Zechariah 1:9
Then said I, O my lord, what are these? And the angel that talked with me said to me, I will show you what these be.
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Zechariah 1:9-11. Then said I, O my Lord, what are these — What is the meaning of these appearances, or visions? And the angel that talked with me said — “This was another heavenly minister, sent, probably, to present the visions to the prophet’s imagination, as well as to explain them. Angelus comes et interpres, “an accompanying angel and interpreter.” And under his direction the prophet receives satisfactory information from the month of the first angel and his attendants.” — Blayney. I will show thee what these be — “I will cause that it shall be explained to thee by the angel who stands first among the myrtles. This may have been done by a sign given to that angel, or by words omitted in the relation.” — Newcome. And the man that stood among the myrtle-trees — This was an angel of an order superior to him mentioned in the preceding verse, who either prevents that angel, and takes upon him to return an answer to the prophet’s question, or else sends his answer to Zechariah by that angel, as Christ sent his revelation to St. John by an angel, Revelation 1:1. These are they whom the Lord hath sent — They are the messengers or ministering spirits of Jehovah. And they — The rest of the angels, implied at the end of Zechariah 1:8, and who came after the first; answered, We have walked to and fro through the earth — We have been diligent to execute that office which was allotted to us. And behold all the earth sitteth still, &c. — This must be understood here, and in many other places, in a restricted sense, for all the nations with whom the Jews had a connection. It means here chiefly the Persian empire, which enjoyed peace at that time. But the state of the Jews was unsettled: see Zechariah 1:16 : which circumstance gives occasion to the following intercession.1:7-17 The prophet saw a dark, shady grove, hidden by hills. This represented the low, melancholy condition of the Jewish church. A man like a warrior sat on a red horse, in the midst of this shady myrtle-grove. Though the church was in a low condition, Christ was present in the midst, ready to appear for the relief of his people. Behind him were angels ready to be employed by him, some in acts of judgment, others of mercy, others in mixed events. Would we know something of the mysteries of the kingdom of heaven, we must apply, not to angels, for they are themselves learners, but to Christ himself. He is ready to teach those humbly desirous to learn the things of God. The nations near Judea enjoyed peace at that time, but the state of the Jews was unsettled, which gave rise to the pleading that followed; but mercy must only be hoped for through Christ. His intercession for his church prevails. The Lord answered the Angel, this Angel of the covenant, with promises of mercy and deliverance. All the good words and comfortable words of the gospel we receive from Jesus Christ, as he received them from the Father, in answer to the prayer of his blood; and his ministers are to preach them to all the world. The earth sat still, and was at rest. It is not uncommon for the enemies of God to be at rest in sin, while his people are enduring correction, harassed by temptation, disquieted by fears of wrath, or groaning under oppression and persecution. Here are predictions which had reference to the revival of the Jews after the captivity, but those events were shadows of what shall take place in the church, after the oppression of the New Testament Babylon is ended.What are these? - He asks, not who, but what they import.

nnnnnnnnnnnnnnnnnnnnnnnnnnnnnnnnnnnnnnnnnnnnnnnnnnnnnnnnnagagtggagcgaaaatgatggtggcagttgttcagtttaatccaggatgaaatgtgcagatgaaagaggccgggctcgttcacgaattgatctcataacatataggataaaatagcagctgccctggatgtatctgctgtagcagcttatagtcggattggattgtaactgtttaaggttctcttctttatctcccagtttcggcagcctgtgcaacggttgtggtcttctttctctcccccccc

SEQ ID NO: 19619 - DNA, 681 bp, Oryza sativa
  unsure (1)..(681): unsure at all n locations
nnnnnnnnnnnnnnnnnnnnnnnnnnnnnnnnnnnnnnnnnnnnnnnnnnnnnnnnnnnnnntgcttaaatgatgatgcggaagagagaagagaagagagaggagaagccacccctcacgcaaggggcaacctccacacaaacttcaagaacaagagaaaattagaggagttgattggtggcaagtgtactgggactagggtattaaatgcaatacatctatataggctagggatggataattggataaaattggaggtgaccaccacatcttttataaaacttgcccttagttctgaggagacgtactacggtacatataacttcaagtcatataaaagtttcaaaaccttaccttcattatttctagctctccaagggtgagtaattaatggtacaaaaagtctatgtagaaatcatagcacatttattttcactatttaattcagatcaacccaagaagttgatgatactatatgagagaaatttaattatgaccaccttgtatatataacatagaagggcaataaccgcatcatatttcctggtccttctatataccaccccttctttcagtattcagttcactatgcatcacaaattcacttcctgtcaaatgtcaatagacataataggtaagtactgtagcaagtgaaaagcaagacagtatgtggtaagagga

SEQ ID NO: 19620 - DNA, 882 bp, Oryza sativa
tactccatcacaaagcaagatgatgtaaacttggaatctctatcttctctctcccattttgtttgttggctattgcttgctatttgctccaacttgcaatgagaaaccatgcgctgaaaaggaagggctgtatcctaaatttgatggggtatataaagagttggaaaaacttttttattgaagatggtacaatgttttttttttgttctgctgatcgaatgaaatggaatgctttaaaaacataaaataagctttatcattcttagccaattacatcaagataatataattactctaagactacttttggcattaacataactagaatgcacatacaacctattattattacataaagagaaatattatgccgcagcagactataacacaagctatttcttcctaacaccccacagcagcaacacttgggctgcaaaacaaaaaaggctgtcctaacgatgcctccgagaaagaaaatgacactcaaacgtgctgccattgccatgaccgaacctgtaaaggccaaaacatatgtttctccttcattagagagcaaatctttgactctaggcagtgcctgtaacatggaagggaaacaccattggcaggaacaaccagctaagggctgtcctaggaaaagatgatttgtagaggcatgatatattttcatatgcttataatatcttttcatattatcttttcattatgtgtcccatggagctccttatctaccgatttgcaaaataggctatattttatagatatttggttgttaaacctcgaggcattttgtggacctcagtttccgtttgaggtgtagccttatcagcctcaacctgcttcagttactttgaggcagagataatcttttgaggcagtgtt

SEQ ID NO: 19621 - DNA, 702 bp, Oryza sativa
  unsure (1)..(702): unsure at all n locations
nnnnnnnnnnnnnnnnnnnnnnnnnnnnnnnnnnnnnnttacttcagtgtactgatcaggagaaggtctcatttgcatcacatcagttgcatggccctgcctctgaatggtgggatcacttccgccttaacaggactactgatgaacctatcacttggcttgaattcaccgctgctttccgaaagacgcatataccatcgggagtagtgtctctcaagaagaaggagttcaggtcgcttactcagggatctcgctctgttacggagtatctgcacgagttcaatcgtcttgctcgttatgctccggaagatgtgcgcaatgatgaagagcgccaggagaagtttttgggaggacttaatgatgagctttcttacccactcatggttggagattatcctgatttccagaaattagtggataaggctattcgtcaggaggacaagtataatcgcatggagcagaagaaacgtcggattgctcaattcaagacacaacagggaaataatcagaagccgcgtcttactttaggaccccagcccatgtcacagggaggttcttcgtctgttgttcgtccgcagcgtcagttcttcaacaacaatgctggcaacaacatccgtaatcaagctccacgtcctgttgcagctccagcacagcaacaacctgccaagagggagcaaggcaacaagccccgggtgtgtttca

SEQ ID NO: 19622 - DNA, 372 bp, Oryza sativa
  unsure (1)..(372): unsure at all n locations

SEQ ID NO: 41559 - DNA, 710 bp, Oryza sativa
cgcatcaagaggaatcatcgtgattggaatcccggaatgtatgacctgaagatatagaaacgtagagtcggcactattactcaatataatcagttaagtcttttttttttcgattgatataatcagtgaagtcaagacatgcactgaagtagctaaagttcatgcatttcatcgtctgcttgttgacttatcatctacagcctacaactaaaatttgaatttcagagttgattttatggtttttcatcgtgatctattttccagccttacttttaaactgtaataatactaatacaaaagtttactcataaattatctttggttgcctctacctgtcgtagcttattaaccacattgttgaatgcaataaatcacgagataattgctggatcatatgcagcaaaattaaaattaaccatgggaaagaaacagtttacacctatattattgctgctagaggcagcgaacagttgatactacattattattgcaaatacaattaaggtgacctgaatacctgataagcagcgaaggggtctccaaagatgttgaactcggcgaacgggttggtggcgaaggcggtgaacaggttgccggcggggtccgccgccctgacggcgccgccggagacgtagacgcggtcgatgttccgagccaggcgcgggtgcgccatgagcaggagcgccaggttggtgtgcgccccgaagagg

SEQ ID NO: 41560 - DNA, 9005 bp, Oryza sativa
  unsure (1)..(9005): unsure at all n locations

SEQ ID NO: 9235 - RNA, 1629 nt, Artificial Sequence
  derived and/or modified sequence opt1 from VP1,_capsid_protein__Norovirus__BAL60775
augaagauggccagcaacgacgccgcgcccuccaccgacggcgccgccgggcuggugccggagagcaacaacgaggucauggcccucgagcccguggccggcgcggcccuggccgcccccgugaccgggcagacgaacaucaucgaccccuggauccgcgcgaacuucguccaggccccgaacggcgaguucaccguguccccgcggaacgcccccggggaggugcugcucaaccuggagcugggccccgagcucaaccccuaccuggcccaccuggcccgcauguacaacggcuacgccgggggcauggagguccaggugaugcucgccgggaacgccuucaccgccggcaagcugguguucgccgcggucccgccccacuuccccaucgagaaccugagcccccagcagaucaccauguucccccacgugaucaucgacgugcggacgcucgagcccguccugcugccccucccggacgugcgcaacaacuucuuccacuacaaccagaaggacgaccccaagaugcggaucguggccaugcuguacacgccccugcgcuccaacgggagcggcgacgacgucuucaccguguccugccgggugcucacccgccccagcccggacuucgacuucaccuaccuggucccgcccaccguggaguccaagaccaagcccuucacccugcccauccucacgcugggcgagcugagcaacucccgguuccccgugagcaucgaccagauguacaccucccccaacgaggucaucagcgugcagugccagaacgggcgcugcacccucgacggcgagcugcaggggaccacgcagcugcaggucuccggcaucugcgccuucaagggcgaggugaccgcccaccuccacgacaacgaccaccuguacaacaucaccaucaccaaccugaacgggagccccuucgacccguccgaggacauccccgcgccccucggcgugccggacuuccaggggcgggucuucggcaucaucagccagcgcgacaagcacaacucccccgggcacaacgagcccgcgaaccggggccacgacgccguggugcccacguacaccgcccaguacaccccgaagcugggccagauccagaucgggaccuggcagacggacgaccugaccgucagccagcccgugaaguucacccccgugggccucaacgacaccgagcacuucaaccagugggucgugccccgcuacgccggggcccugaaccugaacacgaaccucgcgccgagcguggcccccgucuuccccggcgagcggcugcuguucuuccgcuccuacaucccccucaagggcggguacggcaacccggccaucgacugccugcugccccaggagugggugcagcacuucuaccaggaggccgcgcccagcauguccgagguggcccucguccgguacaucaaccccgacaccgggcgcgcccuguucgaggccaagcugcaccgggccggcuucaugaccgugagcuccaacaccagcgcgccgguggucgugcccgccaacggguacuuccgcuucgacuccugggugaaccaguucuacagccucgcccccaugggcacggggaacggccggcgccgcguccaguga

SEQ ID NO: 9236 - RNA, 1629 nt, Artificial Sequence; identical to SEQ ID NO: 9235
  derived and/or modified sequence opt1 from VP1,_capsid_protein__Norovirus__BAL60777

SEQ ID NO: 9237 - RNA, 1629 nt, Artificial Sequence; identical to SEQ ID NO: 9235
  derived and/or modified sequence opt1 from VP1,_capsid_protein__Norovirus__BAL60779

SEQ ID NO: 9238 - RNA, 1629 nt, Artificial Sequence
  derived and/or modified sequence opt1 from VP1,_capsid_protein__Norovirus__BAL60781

The angel that talked with me - Literally, "spake in me." The very rare expression seems meant to convey the thought of an inward speaking, whereby the words should be borne directly into the soul, without the intervention of the ordinary outward organs. God says to Moses, "If there is a prophet among you, I, the Lord, will make Myself known unto him in a vision, I will speak (literally) in him in a dream. My servant Moses is not so - In him will I speak mouth to mouth Numbers 12:6-9;" and Habakkuk says of the like inward teaching, "I will watch to see, what He will speak in me" . It is the characteristic title of one attendant-angel, who was God's expositor of the visions to Zechariah (Zechariah 1:13-14, Zechariah 1:19, (Zechariah 2:2 Hebrew) Zechariah 2:3; (7) Zechariah 4:1, Zechariah 4:4-5; Zechariah 5:5, Zechariah 5:10; Zechariah 6:4). Dionysius: "By his ministry God showed me things to come, in that that angel formed in the spirit and imaginative power of Zechariah phantasms or images of things which were foreshown him, and gave him to understand what those images signified."

9. the angel that talked with me—not the "man upon the red horse," as is evident from Zec 1:10, where he (the Divine Angel) is distinguished from the "angel that talked with me" (the phrase used of him, Zec 1:13, 14; Zec 2:3; 4:1, 4, 5; 5:5, 10; 6:4), that is, the interpreting angel. The Hebrew for "with me," or, "in me" (Nu 12:8), implies internal, intimate communication [Jerome].

show thee—reveal to thy mental vision.

Then; so soon as he had seen and observed. Said I; Zechariah.

O my Lord: this was Christ the Lord of hosts.

What are these? what is the meaning of these appearances or visions?

The angel; Christ, the Angel of the covenant; so I take this Angel, that promiseth to inform the prophet, to be the same that appears, a man on the red horse among the myrtles.

Then; so soon as he had seen and observed. Said I; Zechariah.

O my Lord: this was Christ the Lord of hosts.

What are these? what is the meaning of these appearances or visions?

The angel; Christ, the Angel of the covenant; so I take this Angel, that promiseth to inform the prophet, to be the same that appears, a man on the red horse among the myrtles. Then said I, O my Lord,.... These are the words of the Prophet Zechariah to the angel that showed him this vision:

what are these? what is the meaning of this vision? particularly who are meant by the horses, red, speckled, and white, and those upon them?

And the angel that talked with me; who seems to be different from the Angel of the Lord, the man among the myrtle trees, Zechariah 1:8 he was one of the ministering spirits; see Revelation 17:1,